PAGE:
In 1983 Millstein, a nurse practitioner, began working at the Georgetown University Law Center Student Health Services Clinic (the "Law Clinic"). Although she was the Law Clinic's sole clinician, her work was supervised by doctors. At the time and for some years thereafter, an apparent practice existed whereby doctors would pre-sign prescription forms to enable Millstein and other practitioners to fill out certain prescriptions for students. The practice continued at the Law Clinic during the period of 1988 to 1994 when Millstein was supervised by Dr. Jane Chretien. Chretien's relationship to Millstein, as the doctor stated in her deposition, was a "[p]rofessional one"; she had been "a colleague [of Millstein] for twelve . . . or thirteen years."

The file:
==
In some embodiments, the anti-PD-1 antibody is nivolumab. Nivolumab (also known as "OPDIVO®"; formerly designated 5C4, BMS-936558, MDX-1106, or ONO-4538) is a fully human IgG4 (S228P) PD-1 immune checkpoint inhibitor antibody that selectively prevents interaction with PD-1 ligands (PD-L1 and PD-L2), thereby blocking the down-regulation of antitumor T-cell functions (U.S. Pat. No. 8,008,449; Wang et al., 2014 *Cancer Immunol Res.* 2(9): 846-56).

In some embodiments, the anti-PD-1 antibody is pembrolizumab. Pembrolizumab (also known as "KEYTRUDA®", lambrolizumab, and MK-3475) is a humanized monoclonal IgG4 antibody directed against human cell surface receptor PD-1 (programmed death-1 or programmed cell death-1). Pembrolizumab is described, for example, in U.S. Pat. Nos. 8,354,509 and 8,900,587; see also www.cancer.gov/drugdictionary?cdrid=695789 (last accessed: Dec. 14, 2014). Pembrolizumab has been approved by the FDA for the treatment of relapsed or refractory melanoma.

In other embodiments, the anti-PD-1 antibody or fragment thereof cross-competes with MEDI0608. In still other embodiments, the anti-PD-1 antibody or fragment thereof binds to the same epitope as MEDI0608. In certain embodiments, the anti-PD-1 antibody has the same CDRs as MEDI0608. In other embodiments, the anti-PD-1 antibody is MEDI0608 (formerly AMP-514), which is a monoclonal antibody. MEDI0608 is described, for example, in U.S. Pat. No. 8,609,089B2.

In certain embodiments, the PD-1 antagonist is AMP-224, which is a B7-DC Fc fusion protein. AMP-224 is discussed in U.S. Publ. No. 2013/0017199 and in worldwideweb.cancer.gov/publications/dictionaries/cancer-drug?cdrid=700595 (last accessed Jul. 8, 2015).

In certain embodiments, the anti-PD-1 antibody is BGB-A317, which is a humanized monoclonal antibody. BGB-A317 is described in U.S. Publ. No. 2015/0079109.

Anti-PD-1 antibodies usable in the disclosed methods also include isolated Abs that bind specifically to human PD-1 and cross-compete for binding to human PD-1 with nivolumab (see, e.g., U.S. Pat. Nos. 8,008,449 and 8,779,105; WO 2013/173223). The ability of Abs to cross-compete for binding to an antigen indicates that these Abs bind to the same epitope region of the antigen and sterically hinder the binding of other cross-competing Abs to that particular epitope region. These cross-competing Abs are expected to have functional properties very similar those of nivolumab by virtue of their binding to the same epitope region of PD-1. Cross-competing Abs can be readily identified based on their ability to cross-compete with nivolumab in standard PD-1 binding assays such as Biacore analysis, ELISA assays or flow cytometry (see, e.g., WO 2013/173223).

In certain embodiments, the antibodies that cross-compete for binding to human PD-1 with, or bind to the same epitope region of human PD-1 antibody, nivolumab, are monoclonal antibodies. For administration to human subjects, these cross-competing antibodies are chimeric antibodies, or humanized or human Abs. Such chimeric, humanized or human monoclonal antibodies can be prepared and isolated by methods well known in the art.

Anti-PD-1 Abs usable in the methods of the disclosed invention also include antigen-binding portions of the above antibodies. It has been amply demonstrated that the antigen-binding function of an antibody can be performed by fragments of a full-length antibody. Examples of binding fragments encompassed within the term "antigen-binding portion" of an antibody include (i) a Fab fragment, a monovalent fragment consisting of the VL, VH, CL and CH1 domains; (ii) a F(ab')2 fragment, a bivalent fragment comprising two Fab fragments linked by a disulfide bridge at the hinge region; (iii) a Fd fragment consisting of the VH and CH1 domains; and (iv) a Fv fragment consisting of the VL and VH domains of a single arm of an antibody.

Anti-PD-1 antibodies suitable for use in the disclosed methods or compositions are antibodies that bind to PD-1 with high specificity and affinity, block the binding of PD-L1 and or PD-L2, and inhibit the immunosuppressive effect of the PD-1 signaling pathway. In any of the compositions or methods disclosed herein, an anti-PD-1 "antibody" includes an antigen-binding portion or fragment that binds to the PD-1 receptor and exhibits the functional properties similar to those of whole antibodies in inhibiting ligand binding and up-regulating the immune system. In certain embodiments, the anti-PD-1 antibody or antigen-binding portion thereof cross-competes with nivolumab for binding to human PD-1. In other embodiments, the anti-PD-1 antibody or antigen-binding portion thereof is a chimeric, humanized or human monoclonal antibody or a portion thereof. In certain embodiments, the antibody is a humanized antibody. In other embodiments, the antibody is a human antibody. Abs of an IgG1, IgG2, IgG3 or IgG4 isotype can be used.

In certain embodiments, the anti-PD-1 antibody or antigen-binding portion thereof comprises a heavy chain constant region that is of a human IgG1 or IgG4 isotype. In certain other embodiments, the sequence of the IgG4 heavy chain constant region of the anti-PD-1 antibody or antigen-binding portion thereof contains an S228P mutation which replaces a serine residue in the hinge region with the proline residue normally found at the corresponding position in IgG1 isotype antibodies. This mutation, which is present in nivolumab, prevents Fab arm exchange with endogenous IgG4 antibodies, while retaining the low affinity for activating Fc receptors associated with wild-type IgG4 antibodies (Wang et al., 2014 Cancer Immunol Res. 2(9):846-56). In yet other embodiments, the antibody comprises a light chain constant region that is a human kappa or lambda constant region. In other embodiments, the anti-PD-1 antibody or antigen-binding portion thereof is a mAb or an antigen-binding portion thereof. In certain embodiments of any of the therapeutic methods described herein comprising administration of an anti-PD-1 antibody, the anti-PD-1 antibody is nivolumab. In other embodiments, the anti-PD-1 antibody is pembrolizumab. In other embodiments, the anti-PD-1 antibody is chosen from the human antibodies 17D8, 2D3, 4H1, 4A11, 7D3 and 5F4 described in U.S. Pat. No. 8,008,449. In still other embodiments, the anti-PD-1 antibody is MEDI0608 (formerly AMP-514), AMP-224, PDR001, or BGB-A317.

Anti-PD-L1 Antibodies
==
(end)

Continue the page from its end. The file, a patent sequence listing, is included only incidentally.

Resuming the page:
In January 1993, nine student health employees *fn1 lodged a complaint with the Georgetown Office of Affirmative Action Programs alleging gender and race discrimination and unprofessional behavior on the part of defendant Henske, the Director of Student Health Services. Dr. Chretien, who was Acting Medical Director of Health Services at the time, wrote the complaint and was apparently the liaison between the employees and the university's affirmative action committee. Millstein, on the other hand, was not a complainant, was not interviewed in connection with the complaint, and by her admission had "zero to do with it." The complaint was resolved in March 1993 with a finding of no evidence of race or gender discrimination, but some evidence of differential treatment and unprofessional behavior.